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Bara. Farewell, my joy, and by my fingers take A kiss from him that sends it from his soul.
[Exit ABIGAIL above. Now, Phoebus, ope the eyelids of the day, And, for the raven, wake the morning lark, That I may hover with her in the air, Singing o'er these, as she does o'er her young.
THE JEW'S LESSON IN CHRISTIAN CHARITY.
ACT II., SCENE 2. Bara. Now let me know thy name, and therewithal Thy birth, condition, and profession.
itha, Faith, sir, my birth is but mean ; my name's Ithamore; my profession what you please.
Bara. Hast thou no trade? then listen to my words, And I will teach (thee] that shall stick by thee : First, be thou void of these affections, Compassion, love, vain hope, and heartless fear; Be mov'd at nothing, see thou pity none, But to thyself smile when the Christians moan.
Itha. O, brave master ! I worship your nose for this.
Bara. As for myself, I walk abroad o' nights,
With digging graves and ringing dead men's knells :
Itha. Faith, master,
Bara. Why, this is something : make account of me As of thy fellow; we are villains both ; Both circumcised ; we hate Christians both; Be true and secret; thou shall want no gold.
THE MURDER OF THE FRIAR.
Act IV., SCENE 2.
Itha. Yes ; and I know not what the reason is,
Bara. No; 'tis an order which the friars use :
Itha. No, none can hear him, cry he ne'er so loud.
Bara. Why, true; therefore did I place him there : The other chambers open towards the street.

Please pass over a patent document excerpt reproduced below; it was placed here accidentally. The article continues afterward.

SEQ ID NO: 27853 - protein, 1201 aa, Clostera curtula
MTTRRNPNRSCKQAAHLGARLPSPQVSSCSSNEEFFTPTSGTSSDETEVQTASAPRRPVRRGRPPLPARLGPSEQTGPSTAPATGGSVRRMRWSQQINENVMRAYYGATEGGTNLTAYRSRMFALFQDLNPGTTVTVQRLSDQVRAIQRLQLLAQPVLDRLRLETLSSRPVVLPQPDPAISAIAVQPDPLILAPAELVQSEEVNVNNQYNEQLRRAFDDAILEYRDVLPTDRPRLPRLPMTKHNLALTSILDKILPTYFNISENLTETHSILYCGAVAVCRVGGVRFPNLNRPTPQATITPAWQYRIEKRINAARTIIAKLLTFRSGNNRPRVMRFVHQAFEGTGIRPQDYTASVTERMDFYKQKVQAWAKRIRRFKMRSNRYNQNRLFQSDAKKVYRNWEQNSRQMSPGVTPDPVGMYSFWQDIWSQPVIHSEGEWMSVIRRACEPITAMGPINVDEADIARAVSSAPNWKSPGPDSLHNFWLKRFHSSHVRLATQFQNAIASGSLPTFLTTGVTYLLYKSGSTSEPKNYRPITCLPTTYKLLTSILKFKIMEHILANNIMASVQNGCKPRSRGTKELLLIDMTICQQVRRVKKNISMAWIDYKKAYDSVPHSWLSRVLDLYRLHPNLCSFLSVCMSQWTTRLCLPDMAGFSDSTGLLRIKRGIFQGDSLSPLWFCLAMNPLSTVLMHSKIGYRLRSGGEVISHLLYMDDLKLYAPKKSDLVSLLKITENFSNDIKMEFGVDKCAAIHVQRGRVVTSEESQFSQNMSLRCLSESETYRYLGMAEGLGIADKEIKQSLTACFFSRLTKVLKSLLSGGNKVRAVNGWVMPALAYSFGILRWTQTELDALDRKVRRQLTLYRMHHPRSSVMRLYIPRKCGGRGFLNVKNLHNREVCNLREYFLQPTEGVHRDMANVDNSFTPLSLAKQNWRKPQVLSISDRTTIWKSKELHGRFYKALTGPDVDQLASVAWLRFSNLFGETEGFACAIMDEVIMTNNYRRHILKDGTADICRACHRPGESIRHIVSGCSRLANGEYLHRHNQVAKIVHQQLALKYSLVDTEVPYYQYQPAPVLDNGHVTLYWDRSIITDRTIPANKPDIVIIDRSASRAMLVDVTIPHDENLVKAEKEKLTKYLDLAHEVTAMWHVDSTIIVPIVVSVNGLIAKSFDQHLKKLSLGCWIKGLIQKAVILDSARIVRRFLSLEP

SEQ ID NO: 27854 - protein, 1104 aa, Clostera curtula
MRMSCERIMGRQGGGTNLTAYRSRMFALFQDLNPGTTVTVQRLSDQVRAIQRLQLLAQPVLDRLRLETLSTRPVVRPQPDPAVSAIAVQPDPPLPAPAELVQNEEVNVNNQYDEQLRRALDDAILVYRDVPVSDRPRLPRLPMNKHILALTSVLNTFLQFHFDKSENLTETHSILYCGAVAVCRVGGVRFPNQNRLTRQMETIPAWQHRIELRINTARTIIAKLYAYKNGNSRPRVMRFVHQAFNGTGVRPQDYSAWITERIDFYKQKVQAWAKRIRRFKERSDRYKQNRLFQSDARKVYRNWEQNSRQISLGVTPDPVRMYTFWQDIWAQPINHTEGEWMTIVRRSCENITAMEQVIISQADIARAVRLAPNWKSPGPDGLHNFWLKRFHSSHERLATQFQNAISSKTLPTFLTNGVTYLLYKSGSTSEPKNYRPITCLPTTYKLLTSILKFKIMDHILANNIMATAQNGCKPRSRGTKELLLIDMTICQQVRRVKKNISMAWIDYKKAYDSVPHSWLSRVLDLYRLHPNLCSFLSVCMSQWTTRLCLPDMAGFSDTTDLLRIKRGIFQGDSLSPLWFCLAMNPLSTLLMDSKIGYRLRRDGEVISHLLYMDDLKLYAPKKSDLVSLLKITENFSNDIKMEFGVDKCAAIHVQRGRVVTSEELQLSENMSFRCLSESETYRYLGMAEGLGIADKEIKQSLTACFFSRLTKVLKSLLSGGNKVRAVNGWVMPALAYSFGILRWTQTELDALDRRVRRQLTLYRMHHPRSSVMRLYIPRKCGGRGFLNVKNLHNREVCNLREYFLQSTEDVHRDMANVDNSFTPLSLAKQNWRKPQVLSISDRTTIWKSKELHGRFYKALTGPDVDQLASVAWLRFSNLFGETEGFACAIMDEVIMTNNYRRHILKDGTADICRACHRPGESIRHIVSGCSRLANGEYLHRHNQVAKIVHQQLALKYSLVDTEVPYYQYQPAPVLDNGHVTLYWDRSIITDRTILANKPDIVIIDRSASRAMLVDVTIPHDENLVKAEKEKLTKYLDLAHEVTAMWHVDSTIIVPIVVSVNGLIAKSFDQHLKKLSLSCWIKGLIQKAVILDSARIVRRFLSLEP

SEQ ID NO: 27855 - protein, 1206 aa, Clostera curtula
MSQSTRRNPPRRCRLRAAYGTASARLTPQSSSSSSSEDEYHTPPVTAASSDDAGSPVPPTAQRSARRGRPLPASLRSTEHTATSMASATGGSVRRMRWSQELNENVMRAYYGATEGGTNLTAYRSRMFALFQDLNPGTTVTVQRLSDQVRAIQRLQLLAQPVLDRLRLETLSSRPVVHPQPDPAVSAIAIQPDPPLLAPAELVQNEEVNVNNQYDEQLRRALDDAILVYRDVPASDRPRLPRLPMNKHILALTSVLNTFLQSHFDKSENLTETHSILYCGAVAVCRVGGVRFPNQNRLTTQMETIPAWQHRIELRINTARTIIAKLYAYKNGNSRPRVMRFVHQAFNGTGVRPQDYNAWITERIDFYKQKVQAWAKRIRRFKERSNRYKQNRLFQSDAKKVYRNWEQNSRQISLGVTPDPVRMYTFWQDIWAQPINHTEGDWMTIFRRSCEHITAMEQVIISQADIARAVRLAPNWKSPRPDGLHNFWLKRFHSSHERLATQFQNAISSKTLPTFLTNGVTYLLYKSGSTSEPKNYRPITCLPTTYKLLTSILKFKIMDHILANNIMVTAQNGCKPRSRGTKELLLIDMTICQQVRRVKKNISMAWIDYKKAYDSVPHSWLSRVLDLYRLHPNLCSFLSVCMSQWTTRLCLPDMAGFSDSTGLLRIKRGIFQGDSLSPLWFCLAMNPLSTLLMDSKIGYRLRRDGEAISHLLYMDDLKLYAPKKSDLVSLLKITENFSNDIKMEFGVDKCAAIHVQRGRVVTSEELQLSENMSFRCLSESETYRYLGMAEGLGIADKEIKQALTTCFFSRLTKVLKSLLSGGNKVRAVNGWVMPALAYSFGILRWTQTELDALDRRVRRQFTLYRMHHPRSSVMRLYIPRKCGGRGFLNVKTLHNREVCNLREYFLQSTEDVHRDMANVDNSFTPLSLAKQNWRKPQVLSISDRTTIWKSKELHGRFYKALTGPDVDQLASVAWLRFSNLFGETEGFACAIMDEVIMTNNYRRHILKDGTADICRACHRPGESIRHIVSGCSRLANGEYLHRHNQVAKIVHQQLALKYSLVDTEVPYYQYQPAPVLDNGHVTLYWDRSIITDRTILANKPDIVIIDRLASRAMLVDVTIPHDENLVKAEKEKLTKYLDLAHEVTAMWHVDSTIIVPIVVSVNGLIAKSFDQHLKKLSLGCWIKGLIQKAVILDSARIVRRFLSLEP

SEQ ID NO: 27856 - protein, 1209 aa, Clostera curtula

Itha. You loiter, master; wherefore stay we thus ? O, how I long to see him shake his heels !
Bara. Come on, sirrah :
[ITHAMORE takes off his girdle, and ties a noose on it. Friar, awake!
[They put the noose round the Friar's neck. Friar Barn. What, do you mean to strangle me ? Itha. Yes, 'cause you use to confess.
Bara. Blame not us, but the proverb-Confess and be hanged.-Pull hard. Friar Barn. What, will you
life Bara. Pull hard, I say.-You would have had my
goods. Itha. Ay, and our lives too—therefore pull amain.
[They strangle the Friar. 'Tis neatly done, sir; here's no print at all.
Bara. Then is it as it should be. Take him up.
Itha. Nay, master, be ruled by me a little. [Takes the body, sets it upright against the wall, and puts a staj in its hand.] So, let him lean upon his staff ; excellent ! hè stands as if he were begging of bacon. Bara. Who would not think but that this friar
Itha: Towards one.
Enter FRIAR JACOMO.
Friar Jac. This is the hour wherein I shall proceed ; O happy hour, wherein I shall couvert An infidel
, and bring his gold into our treasury ! But soft ! is not this Barnardine ? it is ; And, understanding I should come this way, Stands here o' purpose, meaning me some wrong, And intercept my going to the Jew.Barnardine ? Wilt thou not speak ? thou think'st I see thee not ; Away, I'd wish thee, and let me go by : No, wilt thou not ? nay, then, I'll force my way ; And, seo, a staff stands ready for the purpose. As thou lik’st that, stop me another time!
[Takes the staff, and strikes down the body.
Enter BARABAS and ITHAMORE.
Bara, Why, how now Jacomo ! what hast thou
done? Friar Jac. Why, stricken him that would have
struck at me.
Bara. Who is it! Barnardine ! now, out, alas, ho is slain !
Itha. Ay, master, he's slain ; look how his brains drop out on's nose.
Friar Jac. Good sirs, I have done't: but nobody knows it but you two; I may escape.
Bara. So might my man and I hang with you for company:
Itha. No; let us bear him to the magistrates.
Itha. Fie upon 'em! master, will you turn Christian, when holy friars turn devils and murder one another ?
Bara. No; for this example I'll remain a Jew :
Itha. Why, a Turk could ha' done no more.
Bara. To-morrow is the sessions ; you shall to it.Come, Ithamore, let's help to take him hence. Friar Jac. Villains, I am a sacred person ; touch
me not. Bara. The law shall touch you ; we'll but lead you, 'Las, I could weep at your calamity! Take in the staff too, for that must be shown : Law wills that each particular be known. [Exeunt.